relationship is a positive correlation between an employees’ commitment to an organization and their perception of that organizations CSR (Mensah, 2017). 2.4 OC and Employee Perception of Their Organization’s CSR The underlying idea of this relationship is that employees will be more committed to their organization because “[they are] proud to identify with work organizations that have favorable reputations ” (Peterson, 2004, p. 299). One reason that employees may take more pride in their citizenship with a socially responsible organization is that because of the organization's CSR initiatives, they feel that their role within the organization also has a positive impact on people, society, and the environment. Similarly, this may be due to the fact that because socially responsible organizations are often seen as more fair, honest, and accountable, workers feel that by working with these types of organizations others will also associate them with these same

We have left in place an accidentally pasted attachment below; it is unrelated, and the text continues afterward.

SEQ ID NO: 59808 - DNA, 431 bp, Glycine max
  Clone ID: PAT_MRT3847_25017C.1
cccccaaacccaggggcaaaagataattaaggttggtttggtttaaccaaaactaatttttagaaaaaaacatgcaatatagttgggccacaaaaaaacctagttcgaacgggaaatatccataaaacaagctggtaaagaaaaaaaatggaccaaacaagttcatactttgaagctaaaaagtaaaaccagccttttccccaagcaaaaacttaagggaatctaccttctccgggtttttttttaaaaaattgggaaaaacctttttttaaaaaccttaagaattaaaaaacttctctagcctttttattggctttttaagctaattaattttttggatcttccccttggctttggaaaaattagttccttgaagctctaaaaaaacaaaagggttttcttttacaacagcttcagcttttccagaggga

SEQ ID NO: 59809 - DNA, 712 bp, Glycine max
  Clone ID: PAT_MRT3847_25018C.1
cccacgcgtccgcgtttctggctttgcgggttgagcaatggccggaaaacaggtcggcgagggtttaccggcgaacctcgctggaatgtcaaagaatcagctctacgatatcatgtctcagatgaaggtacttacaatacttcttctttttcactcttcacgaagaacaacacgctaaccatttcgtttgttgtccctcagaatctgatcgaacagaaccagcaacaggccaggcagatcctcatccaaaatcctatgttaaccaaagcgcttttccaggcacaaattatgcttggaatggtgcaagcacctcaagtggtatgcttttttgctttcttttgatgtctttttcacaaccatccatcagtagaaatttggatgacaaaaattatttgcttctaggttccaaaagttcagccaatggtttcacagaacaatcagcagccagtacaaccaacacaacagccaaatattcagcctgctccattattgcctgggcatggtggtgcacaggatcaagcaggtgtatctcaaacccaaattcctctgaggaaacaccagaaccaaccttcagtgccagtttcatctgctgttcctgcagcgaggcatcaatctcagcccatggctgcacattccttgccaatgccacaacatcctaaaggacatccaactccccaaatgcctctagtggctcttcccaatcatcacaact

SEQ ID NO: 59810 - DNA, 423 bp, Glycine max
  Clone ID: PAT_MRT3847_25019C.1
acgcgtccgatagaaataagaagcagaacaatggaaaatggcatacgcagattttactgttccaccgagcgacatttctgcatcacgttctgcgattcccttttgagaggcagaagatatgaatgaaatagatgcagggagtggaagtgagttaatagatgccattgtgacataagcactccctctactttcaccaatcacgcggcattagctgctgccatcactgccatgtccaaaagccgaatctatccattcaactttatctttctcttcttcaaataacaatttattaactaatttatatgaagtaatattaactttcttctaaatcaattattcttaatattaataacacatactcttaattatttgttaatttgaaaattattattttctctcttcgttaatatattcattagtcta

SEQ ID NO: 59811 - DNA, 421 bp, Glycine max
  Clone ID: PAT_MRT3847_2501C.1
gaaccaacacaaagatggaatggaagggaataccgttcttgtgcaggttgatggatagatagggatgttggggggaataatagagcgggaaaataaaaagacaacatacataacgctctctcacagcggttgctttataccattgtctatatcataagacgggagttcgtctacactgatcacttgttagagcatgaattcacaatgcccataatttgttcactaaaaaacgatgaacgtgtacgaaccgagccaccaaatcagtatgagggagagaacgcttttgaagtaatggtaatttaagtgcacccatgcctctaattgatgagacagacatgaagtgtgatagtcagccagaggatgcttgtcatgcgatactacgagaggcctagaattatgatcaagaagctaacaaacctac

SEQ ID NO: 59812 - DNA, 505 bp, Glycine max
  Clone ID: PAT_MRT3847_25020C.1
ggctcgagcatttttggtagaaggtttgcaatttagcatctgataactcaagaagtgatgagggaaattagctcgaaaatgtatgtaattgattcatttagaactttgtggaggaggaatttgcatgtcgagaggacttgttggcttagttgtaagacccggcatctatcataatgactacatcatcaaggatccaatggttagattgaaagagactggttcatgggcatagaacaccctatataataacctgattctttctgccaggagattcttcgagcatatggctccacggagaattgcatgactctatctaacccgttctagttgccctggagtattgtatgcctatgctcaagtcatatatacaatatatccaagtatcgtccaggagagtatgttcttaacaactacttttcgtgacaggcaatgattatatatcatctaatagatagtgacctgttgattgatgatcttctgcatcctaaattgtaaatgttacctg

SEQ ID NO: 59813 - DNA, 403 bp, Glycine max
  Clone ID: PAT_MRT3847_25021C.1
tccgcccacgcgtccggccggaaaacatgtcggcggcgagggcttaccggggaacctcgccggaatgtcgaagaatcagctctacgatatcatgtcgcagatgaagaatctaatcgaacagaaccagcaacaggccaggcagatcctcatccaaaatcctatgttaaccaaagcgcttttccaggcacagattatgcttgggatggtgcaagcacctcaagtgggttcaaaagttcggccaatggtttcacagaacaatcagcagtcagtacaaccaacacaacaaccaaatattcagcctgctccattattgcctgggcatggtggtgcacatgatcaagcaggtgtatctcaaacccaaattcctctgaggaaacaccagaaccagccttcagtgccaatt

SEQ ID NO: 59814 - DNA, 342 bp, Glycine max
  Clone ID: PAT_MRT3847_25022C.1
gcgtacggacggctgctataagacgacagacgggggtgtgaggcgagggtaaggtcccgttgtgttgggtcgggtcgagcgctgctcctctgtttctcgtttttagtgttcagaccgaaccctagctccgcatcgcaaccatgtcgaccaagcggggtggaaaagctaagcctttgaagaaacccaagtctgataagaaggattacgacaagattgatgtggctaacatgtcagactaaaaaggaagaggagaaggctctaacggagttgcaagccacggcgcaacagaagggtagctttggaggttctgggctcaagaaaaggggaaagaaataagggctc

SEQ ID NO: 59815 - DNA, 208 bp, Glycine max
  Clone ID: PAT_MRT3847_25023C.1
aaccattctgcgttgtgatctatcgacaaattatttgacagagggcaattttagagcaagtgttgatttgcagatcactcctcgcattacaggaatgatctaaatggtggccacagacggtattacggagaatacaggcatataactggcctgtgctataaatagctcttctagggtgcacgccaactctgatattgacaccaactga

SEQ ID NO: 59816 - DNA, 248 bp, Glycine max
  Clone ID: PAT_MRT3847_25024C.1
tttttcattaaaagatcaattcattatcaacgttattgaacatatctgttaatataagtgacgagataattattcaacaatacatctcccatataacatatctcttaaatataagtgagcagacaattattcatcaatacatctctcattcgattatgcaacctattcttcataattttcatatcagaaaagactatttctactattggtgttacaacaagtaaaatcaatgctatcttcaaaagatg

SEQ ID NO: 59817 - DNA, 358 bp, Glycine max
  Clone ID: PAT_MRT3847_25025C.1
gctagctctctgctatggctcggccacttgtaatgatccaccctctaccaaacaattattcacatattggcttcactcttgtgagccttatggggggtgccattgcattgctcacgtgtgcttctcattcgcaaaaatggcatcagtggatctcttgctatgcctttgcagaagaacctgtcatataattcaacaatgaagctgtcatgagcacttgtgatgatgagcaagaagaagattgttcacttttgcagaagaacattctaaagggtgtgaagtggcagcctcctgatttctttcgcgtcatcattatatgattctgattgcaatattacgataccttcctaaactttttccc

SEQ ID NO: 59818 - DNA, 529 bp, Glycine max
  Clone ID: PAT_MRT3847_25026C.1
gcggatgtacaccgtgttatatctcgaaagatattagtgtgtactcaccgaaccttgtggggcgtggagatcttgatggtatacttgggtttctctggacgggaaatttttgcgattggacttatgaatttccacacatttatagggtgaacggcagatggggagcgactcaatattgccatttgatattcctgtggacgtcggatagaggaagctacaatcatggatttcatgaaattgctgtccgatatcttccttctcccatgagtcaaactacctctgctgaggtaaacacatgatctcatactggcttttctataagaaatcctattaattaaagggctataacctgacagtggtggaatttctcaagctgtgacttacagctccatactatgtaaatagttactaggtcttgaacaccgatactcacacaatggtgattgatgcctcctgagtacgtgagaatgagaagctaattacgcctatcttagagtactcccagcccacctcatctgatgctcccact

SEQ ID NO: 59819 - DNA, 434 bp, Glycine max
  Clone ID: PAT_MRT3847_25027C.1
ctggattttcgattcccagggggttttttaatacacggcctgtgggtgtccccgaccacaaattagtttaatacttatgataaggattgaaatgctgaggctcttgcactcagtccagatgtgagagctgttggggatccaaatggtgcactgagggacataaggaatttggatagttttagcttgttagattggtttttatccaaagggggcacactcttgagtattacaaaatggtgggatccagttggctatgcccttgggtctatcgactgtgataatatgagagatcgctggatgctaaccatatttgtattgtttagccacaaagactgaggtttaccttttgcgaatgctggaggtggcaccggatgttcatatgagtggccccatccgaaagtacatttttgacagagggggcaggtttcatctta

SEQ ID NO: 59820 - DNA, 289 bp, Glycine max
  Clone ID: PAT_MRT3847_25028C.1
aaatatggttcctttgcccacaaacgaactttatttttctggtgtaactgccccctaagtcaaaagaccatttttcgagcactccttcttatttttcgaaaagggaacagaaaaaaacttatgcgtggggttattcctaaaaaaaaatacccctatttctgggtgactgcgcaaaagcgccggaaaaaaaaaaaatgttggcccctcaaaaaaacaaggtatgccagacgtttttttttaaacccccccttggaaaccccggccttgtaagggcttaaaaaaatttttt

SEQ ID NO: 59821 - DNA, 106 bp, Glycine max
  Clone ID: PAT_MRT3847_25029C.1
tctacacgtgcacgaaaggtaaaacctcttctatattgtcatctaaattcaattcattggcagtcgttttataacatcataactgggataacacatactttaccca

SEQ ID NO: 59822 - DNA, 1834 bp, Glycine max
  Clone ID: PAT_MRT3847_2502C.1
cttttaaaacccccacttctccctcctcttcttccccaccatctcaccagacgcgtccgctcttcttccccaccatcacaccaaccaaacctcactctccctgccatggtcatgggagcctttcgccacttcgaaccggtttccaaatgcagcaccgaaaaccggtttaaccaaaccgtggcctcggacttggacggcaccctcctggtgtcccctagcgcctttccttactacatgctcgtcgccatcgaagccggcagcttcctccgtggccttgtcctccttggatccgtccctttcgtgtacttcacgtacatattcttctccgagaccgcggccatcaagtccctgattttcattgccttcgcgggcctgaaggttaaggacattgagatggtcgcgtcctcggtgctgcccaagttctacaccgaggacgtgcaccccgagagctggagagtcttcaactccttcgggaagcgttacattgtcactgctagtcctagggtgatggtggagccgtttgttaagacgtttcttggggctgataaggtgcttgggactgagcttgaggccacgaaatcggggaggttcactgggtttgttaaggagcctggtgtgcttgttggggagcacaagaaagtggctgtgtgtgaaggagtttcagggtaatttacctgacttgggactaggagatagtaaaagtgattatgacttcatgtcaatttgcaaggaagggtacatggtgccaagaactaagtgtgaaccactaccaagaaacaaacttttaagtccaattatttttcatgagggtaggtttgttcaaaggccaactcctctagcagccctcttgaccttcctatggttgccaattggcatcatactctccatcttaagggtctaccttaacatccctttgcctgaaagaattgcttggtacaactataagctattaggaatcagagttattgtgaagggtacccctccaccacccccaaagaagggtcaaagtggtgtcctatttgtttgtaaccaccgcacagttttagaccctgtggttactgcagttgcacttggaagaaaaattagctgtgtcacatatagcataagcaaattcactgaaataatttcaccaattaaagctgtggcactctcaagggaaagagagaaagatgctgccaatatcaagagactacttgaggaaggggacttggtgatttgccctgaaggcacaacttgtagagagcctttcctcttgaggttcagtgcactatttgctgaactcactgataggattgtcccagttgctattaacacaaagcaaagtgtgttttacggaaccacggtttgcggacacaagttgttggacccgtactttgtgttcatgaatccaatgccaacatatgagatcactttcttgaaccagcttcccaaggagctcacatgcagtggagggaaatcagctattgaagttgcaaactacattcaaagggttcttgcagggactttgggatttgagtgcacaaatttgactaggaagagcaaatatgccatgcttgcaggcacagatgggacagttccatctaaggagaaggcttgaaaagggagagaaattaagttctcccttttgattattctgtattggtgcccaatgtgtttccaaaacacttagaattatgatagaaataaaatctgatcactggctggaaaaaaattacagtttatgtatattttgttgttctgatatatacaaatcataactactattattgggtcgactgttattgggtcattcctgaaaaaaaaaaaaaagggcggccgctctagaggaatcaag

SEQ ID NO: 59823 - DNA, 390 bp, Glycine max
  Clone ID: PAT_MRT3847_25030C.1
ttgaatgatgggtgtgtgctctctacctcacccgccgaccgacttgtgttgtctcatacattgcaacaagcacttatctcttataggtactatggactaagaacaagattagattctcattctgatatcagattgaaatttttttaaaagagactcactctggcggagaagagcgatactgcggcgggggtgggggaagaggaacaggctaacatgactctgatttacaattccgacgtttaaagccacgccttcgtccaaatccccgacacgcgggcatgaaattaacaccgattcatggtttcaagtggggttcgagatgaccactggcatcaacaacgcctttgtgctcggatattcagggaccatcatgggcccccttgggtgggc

CSR AND OC: DOES A CAUSAL RELATIONSHIP EXIST 4 characteristics (Vitaliano, 2009). Using data from the Center for World Leadership’s Employee Commitment Survey Project, Stawiski et al. (2010) are able to support the finding above of a positive correlation between an employees’ commitment to an organization and their perception of that organizations CSR. Figure 1 shows that the more an employee “agrees” that their company acts as a good corporate citizen the higher those same individuals score on OC. In addition, a case study from 2002 conducted by Brammer et al. (2002) of 4712 randomly sampled employees at a UK bank also shows this relationship between employees’ perception of their organizations CSR and OC to be true. In Table 1 (which displays the results of the survey), we see that both employees’ views of “External CSR” and sense of “Organizational Commitment” rate highly, which supports the existence of a positive correlation between the two. Interestingly, while both “External CSR” and “Organizational Commitment” rate highly we see that nearly 70% of this bank’s employees have worked there five or more years. That is, employees rate the bank’s CSR highly and also say that they are committed, and because such a large share of employees have been there for five or more years, the evidence shows that they actually are committed. This further proves the argument that employees’ perception of CSR has a positive effect on OC. 2.5 Factors Affecting Employee Perception of an Organization’s CSR That said however, most studies allude to the fact that the strength of this relationship is affected by certain individual characteristics like age, gender, work experience, time employed by and position in the organization (Mensah, 2017). In fact, Stawiski et al. (2010) find the correlation between these factors and OC to be factual. For instance: as workers get older they value job satisfaction over anything else (including CSR); even though women and men rate their organization’s CSR the same “the relationship between CSR and commitment is stronger for
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